Our goal is to share as much information as possible about the COVID-19 vaccine so you are informed about the process and the vaccine. To help you find specific information, we've divided our frequently asked questions into broad topics. Please check back as we add additional topical questions and answers and add to the existing set.
Lost your vaccine card?
New Hampshire and Vermont have designated websites and steps to obtain proof of your vaccinations. You can expect that you will need to provide proof of your identity when completing the required forms.
If you are a parent or guardian requesting an immunization record for your children, you will need to include their birth certificate showing your name along with your identity proof to get the immunization record.
- New Hampshire residents: DHHS NHIIS Information for the Public website
- Vermont residents: Vermont Department of Health: Requesting Vaccination Records from the IMR (PDF)
Getting the vaccine
Learn what you need to know about how to register to get the vaccine, where to go, and what to expect.
Understanding the effectiveness of the COVID-19 vaccine, and what to expect after you receive your vaccine is critical to helping you feel safe.
With any new vaccine there are, understandably, many questions around its safety. Review the safety of the current vaccines for all patients.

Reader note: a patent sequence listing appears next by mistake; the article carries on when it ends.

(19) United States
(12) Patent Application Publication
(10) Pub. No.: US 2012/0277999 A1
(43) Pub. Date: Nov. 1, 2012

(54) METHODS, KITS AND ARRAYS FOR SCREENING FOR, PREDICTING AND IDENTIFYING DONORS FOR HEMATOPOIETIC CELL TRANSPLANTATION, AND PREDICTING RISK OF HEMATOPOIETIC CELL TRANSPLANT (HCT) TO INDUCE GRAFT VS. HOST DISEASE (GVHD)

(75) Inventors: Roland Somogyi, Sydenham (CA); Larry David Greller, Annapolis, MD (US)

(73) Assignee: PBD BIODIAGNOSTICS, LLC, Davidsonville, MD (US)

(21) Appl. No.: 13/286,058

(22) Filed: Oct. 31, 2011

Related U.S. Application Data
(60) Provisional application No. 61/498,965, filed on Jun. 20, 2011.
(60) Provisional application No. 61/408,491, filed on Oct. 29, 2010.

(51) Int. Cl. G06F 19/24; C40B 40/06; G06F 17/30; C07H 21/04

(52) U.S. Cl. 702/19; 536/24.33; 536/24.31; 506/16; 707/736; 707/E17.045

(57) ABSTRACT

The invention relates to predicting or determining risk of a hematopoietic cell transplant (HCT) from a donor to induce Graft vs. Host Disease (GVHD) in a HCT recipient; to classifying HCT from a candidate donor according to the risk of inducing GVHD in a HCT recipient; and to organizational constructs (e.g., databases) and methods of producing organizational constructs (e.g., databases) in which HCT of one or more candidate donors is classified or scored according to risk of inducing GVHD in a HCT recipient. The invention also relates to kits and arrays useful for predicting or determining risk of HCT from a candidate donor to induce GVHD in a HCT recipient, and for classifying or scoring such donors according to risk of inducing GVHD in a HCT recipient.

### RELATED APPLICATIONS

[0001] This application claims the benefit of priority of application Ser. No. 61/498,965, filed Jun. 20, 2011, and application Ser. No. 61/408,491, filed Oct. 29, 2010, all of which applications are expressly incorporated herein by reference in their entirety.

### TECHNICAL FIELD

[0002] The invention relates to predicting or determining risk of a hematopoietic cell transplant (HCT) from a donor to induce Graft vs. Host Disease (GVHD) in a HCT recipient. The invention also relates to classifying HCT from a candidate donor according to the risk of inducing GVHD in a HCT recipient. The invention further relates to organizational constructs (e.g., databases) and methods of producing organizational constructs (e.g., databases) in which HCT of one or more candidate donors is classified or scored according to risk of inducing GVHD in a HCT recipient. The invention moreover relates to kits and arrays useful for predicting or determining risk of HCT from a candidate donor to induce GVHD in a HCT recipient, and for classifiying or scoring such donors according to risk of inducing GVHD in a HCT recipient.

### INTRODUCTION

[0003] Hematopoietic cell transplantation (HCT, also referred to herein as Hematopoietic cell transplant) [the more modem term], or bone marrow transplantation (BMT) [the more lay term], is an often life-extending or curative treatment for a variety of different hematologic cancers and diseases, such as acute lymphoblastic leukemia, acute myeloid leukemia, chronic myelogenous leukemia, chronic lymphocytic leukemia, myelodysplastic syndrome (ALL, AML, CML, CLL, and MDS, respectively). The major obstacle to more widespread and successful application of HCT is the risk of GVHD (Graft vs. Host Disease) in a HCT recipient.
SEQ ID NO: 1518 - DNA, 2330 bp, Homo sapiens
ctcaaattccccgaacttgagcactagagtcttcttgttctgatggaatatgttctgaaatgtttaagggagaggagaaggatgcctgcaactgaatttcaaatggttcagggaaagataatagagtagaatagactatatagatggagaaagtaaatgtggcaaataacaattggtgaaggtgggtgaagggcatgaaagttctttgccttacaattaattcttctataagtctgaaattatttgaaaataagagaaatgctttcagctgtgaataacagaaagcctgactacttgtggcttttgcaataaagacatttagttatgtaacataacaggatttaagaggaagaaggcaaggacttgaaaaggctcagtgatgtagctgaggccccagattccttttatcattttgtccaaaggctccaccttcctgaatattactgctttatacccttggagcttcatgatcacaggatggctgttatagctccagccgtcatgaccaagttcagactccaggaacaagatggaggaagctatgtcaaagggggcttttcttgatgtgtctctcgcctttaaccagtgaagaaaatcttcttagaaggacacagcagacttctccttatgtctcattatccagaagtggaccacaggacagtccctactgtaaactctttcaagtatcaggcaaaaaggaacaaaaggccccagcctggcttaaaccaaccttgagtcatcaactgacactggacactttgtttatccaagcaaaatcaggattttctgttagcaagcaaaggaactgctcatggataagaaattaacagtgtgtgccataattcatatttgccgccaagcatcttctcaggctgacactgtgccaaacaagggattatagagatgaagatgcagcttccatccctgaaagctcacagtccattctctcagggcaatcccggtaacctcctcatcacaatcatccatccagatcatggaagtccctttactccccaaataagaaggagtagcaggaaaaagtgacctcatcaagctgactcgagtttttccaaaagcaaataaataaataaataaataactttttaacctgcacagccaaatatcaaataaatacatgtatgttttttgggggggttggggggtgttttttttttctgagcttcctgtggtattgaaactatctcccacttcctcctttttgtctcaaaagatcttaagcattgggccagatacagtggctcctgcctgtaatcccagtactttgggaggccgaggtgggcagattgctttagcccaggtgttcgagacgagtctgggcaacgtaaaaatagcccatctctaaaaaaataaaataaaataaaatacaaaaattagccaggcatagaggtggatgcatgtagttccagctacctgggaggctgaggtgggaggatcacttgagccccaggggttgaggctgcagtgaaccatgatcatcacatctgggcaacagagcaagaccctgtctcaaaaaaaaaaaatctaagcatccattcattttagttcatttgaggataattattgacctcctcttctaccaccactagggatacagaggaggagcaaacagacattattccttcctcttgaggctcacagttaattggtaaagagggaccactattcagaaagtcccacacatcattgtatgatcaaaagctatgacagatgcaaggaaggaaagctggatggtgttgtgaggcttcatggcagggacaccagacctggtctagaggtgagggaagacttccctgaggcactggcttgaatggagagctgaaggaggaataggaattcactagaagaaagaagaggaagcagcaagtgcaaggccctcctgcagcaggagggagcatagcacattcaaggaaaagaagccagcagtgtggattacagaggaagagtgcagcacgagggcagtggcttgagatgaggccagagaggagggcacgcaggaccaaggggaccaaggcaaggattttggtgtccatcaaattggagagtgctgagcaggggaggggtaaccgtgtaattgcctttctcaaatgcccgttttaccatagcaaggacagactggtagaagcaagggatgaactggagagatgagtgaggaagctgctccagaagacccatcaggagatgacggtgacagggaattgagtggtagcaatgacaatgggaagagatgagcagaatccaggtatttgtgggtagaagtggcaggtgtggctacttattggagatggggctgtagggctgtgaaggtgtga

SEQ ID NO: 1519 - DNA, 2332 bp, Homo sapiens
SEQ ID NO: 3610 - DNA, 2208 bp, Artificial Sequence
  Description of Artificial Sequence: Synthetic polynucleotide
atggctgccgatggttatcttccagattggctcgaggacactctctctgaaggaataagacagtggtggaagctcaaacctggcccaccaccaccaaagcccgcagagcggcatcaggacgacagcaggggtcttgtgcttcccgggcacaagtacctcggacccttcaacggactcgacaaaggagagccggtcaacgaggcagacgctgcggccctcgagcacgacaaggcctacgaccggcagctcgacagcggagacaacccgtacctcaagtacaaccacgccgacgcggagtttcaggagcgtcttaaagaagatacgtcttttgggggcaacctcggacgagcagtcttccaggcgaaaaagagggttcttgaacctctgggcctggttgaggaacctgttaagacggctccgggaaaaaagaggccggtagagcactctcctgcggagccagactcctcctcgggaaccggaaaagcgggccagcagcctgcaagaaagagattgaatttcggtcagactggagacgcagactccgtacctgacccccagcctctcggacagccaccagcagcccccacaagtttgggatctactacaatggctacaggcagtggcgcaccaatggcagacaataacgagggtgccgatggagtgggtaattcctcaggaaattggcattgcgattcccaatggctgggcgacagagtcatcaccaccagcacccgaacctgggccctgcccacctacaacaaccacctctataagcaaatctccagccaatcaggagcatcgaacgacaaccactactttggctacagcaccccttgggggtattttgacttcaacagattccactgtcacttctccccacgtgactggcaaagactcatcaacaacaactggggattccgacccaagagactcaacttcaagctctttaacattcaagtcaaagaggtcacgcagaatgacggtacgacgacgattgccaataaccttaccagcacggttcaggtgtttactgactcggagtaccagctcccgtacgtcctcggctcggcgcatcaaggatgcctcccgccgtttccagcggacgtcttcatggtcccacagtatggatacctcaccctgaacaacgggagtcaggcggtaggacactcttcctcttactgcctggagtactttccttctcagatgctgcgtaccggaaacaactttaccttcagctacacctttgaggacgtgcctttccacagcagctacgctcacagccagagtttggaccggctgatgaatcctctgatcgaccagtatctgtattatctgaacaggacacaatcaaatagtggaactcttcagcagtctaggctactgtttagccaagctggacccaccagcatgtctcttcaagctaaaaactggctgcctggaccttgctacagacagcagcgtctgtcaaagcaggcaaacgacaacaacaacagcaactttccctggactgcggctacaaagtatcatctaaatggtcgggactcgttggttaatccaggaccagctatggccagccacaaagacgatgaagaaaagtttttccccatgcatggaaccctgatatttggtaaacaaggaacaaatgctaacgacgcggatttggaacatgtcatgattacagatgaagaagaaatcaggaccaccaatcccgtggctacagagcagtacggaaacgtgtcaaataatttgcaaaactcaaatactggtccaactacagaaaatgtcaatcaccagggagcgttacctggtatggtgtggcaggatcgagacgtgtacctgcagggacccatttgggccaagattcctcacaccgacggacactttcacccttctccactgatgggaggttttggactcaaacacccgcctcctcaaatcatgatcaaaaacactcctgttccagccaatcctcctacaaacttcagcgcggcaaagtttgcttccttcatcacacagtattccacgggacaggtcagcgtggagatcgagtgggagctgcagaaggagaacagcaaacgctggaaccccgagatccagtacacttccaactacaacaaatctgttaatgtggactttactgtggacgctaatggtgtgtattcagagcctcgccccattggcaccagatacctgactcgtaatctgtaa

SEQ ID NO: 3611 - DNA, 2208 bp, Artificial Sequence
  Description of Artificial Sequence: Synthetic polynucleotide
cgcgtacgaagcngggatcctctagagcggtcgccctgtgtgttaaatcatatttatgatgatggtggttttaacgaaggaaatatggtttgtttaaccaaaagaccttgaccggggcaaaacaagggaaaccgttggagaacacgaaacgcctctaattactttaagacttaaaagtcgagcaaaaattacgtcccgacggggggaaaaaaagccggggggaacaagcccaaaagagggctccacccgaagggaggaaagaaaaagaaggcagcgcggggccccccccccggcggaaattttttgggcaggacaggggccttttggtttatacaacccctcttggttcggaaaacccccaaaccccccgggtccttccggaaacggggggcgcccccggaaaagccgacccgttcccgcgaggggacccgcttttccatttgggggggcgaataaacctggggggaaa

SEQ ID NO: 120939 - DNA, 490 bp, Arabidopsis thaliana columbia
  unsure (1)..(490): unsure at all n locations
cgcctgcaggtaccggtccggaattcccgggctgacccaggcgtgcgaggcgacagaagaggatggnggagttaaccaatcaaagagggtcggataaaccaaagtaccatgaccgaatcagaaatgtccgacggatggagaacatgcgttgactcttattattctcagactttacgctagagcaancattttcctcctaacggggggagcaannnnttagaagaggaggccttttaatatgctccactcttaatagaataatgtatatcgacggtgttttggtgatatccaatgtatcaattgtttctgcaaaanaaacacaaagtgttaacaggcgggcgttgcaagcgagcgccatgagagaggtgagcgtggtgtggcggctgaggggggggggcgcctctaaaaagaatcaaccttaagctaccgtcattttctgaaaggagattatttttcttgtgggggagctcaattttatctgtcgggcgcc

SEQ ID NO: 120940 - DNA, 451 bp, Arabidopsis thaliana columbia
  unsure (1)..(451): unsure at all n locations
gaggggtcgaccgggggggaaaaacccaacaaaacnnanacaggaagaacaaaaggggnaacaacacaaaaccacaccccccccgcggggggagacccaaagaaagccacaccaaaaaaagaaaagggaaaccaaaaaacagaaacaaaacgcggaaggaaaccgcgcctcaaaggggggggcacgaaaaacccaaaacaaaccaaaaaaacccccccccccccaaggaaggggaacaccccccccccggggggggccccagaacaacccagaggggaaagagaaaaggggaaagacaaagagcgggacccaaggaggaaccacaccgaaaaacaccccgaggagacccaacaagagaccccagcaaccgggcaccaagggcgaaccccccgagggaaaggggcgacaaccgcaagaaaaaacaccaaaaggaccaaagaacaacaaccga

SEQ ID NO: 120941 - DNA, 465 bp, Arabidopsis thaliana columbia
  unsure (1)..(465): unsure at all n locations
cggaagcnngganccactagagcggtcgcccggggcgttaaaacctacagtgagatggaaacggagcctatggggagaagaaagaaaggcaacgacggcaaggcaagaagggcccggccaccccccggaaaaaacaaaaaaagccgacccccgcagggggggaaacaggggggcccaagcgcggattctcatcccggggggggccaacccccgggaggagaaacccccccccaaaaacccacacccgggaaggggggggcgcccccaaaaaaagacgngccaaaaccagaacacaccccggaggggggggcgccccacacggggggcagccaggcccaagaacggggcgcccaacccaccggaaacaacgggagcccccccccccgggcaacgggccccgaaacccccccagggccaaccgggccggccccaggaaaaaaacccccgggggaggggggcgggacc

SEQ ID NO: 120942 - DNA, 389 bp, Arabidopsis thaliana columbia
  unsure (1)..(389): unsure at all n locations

Third dose of mRNA COVID-19
According to the Centers for Disease Control and Prevention (CDC), people who have moderately to severely compromised immune systems should receive an additional dose of mRNA COVID-19 vaccine (Moderna or Pfizer-BioNTech) following the initial two doses.
Data have shown that, over time, vaccines provide less protection against mild and moderate COVID-19 disease in certain populations. People who are at higher risk or were vaccinated during the earlier phases of the vaccination rollout might need a booster dose to continue to have the highest level of protection that the vaccines provide.
Pregnancy, breastfeeding, and the COVID-19 vaccine
Pregnancy and breastfeeding can bring a unique set of questions and concerns about the COVID-19 vaccine. Review information to learn what we want our pregnant and breastfeeding patients to know.
Pediatric and adolescent patients
Learn about the COVID-19 vaccine for children and adolescents aged 12 to 17.
Cancer Center patients
Patients with cancer should reduce their risk of exposure to the virus, accept the vaccine when it is available for them, and encourage those they come into contact with to get vaccinated too. Review the information specific to patients undergoing treatment for cancer to learn more about the safety and efficacy of the COVID-19 vaccine.
Dartmouth-Hitchcock employees should review the frequently asked questions available on the intranet (login required) for employee-specific guidance and information.